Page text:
Unfortunately I did not get a stable performance but I'm sure it's a hardware (webcam+laptop) problem and not a software problem, because I had similar problems with Yawcam. Many video recordings were incomplete or showed just static pictures (no motion). But the (few) successful video recordings were very impressive. 

I didn't get enough data to count the birds in my sky. But from the video's I noticed some things. Some are blindingly obvious in hindsight, but it's good to be reminded of them:
  • Few birds fly high. Most birds stick to the ground.
  • It is difficult to catch birds in flight.
  • Birds fly very quickly through my sky. It takes them less than 1 second to pass through the field of view.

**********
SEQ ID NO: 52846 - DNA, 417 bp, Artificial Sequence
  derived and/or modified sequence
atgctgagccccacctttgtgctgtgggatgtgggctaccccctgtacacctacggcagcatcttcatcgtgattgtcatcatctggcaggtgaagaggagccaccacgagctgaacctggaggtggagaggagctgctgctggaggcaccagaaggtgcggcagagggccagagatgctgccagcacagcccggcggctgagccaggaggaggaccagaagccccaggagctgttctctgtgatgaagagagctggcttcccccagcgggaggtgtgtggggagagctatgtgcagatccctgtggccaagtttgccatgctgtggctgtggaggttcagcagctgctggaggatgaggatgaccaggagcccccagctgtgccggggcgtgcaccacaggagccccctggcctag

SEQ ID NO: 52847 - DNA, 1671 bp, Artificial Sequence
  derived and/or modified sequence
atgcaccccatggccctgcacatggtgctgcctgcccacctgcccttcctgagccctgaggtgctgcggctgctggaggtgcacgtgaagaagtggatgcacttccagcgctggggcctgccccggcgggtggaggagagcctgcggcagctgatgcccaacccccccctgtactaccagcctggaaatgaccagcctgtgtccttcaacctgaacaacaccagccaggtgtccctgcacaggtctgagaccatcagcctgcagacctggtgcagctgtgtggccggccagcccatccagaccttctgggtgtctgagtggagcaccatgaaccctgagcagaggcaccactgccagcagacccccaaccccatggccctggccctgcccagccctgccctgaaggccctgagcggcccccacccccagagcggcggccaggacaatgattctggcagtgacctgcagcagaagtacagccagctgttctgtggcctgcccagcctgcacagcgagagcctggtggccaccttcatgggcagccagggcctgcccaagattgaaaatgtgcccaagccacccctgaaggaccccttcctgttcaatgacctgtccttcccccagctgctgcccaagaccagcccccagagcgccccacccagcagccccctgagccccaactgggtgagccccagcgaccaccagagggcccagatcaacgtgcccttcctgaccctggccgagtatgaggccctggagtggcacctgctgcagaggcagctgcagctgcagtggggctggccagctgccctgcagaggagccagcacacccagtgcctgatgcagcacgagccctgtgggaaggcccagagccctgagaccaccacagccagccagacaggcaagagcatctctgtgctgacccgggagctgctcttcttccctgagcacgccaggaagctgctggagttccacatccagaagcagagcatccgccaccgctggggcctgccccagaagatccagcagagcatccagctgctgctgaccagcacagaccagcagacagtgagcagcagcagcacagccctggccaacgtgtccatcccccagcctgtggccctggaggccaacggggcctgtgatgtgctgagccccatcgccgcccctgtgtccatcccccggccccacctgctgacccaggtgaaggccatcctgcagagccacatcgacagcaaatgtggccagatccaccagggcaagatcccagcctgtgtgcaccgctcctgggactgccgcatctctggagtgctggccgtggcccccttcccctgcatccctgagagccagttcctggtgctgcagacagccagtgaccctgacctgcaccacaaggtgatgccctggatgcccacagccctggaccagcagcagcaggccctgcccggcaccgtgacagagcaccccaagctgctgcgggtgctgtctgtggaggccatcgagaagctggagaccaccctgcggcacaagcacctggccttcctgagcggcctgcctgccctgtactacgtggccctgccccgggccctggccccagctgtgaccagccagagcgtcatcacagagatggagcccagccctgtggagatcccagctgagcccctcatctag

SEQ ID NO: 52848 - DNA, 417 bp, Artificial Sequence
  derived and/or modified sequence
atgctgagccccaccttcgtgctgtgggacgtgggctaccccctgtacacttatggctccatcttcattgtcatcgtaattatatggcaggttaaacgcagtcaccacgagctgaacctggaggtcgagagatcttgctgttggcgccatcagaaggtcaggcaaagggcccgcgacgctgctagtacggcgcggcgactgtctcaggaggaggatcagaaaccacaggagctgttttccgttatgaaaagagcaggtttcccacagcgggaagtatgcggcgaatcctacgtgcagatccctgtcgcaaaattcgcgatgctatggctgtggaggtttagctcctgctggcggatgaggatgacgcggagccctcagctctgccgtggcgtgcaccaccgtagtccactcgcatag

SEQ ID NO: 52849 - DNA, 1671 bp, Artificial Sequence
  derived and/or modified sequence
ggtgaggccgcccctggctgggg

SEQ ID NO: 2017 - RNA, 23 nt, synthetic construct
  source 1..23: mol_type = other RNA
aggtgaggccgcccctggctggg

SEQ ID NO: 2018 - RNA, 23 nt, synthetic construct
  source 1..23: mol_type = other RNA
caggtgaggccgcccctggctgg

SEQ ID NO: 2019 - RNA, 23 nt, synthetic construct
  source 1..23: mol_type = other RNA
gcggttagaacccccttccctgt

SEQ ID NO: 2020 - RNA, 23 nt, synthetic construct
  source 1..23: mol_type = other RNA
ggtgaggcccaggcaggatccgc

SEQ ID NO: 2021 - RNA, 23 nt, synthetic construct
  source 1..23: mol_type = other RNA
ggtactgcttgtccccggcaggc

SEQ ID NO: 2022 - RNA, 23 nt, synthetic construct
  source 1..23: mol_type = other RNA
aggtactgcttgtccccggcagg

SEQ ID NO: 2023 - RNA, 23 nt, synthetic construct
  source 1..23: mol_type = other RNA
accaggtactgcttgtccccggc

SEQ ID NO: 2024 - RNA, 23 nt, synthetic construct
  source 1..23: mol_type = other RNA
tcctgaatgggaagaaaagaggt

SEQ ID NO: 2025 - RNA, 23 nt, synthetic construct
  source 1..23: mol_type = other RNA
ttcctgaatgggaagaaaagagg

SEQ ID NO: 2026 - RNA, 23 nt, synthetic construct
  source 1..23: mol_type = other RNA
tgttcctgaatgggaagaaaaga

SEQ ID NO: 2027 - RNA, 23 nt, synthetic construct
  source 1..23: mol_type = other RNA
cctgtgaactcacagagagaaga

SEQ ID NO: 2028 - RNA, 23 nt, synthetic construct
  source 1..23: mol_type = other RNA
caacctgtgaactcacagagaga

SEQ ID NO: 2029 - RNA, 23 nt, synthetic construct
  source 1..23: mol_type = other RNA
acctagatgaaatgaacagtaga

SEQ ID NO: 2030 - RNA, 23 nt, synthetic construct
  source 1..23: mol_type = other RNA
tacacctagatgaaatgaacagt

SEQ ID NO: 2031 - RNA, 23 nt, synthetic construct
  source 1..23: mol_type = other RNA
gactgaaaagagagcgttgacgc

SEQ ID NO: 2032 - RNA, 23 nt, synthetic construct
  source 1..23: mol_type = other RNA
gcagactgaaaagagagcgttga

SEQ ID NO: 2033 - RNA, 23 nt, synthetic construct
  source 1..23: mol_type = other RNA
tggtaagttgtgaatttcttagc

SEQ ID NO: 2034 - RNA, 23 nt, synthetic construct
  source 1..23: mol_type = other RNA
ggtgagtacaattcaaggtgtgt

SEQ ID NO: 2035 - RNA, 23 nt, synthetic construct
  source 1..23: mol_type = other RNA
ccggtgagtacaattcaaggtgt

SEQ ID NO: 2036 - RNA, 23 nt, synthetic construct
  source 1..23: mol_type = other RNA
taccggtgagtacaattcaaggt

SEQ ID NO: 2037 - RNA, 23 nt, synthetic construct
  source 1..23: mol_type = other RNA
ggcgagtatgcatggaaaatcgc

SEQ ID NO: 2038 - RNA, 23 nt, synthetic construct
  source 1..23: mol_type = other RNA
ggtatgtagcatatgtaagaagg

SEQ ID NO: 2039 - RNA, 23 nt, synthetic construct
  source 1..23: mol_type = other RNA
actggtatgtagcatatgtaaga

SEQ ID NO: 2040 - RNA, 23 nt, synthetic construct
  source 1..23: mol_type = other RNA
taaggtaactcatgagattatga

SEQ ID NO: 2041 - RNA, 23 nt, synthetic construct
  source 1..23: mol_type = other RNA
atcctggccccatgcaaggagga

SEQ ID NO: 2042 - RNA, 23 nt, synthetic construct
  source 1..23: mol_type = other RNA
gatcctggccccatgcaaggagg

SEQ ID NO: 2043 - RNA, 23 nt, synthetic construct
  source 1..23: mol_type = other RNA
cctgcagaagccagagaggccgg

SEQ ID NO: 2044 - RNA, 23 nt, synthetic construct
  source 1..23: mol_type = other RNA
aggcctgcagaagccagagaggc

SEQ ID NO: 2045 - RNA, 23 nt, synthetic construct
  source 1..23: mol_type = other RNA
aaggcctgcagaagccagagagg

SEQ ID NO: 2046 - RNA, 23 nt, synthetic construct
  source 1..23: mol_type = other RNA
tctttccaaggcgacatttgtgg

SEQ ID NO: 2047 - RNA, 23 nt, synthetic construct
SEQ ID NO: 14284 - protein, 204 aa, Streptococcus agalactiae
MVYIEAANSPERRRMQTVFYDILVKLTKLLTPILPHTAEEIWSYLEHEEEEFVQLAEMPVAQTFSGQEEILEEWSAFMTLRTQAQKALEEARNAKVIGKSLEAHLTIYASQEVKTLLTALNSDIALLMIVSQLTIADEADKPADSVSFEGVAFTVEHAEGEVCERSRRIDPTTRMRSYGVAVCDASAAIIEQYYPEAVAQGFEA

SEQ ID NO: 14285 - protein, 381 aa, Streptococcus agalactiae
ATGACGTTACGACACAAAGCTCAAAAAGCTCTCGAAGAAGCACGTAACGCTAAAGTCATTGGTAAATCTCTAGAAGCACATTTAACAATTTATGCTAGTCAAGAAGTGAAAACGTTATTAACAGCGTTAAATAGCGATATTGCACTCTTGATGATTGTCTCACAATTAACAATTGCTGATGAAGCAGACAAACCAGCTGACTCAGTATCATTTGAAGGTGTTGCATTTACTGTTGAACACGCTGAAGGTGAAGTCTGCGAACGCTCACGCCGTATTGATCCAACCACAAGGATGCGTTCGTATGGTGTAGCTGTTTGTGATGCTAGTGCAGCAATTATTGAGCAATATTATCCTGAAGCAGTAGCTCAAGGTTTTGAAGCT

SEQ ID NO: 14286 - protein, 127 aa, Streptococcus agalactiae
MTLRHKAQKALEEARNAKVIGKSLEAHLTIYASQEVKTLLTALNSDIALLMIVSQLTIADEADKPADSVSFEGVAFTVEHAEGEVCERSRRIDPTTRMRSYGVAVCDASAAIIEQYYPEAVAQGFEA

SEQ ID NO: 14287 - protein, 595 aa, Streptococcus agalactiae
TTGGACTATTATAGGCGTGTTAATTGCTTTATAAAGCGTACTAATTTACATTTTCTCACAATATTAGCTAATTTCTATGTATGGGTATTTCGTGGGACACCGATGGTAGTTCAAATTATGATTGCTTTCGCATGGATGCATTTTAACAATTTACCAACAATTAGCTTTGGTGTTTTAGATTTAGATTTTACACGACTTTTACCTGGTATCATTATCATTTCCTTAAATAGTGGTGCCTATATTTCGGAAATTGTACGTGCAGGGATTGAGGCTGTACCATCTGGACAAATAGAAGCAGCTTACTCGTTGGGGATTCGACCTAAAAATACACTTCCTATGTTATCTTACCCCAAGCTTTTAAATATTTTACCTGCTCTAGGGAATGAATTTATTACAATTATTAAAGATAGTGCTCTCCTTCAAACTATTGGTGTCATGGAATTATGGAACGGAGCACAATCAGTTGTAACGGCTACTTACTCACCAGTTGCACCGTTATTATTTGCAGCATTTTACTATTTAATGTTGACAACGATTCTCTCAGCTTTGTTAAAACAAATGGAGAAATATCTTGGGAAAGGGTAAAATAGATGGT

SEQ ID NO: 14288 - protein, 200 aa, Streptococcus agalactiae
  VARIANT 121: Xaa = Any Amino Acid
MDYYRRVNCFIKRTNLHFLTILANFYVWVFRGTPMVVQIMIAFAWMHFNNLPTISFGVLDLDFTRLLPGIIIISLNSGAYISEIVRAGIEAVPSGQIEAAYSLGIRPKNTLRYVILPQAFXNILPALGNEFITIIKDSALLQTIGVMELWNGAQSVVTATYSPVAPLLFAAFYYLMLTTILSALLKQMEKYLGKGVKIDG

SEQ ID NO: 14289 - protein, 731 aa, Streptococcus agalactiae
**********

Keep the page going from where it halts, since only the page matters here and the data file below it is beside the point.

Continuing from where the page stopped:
• There are not many birds in the early morning sky. And most detected birds are individuals, there are no flocks.
  • Birds are very small in the sky. I recognised seagulls and pigeons. Their flight patterns are easily identified. But otherwise it's difficult to determine the species.
The software is relatively stable but it has very limited functionality. The motion detection is not sensitive enough to detect birds in flight. So I set the software to take periodic pictures (1 picture per minute) and I caught:
  • 26-12-2013 from 11:26 to 12:41 (75 minutes) looking North: 5 birds (4 seagulls, 1 unknown)
  • 26-12-2013 from 15:19 to 17:39 (140 minutes) looking South: 18 birds (7 unknown, 1 unknown,  3 seagulls, 1 unknown, 6 jackdaws going to roost)
  • 29-12-2013 from 12:20 to 17:30 (310 minutes) looking Southwest: 34 birds (1 unknown,1 magpie?, 4 jackdaws?, 24 seagulls, 1 airplane, 1 seagull, 3 jackdaws going to roost at 16:50)
  • 31-12-2013 from 13:31 to 17:19 (218 minutes) looking Southwest: 1 bird (1 seagull), probably an anomalous result because of the fireworks all day long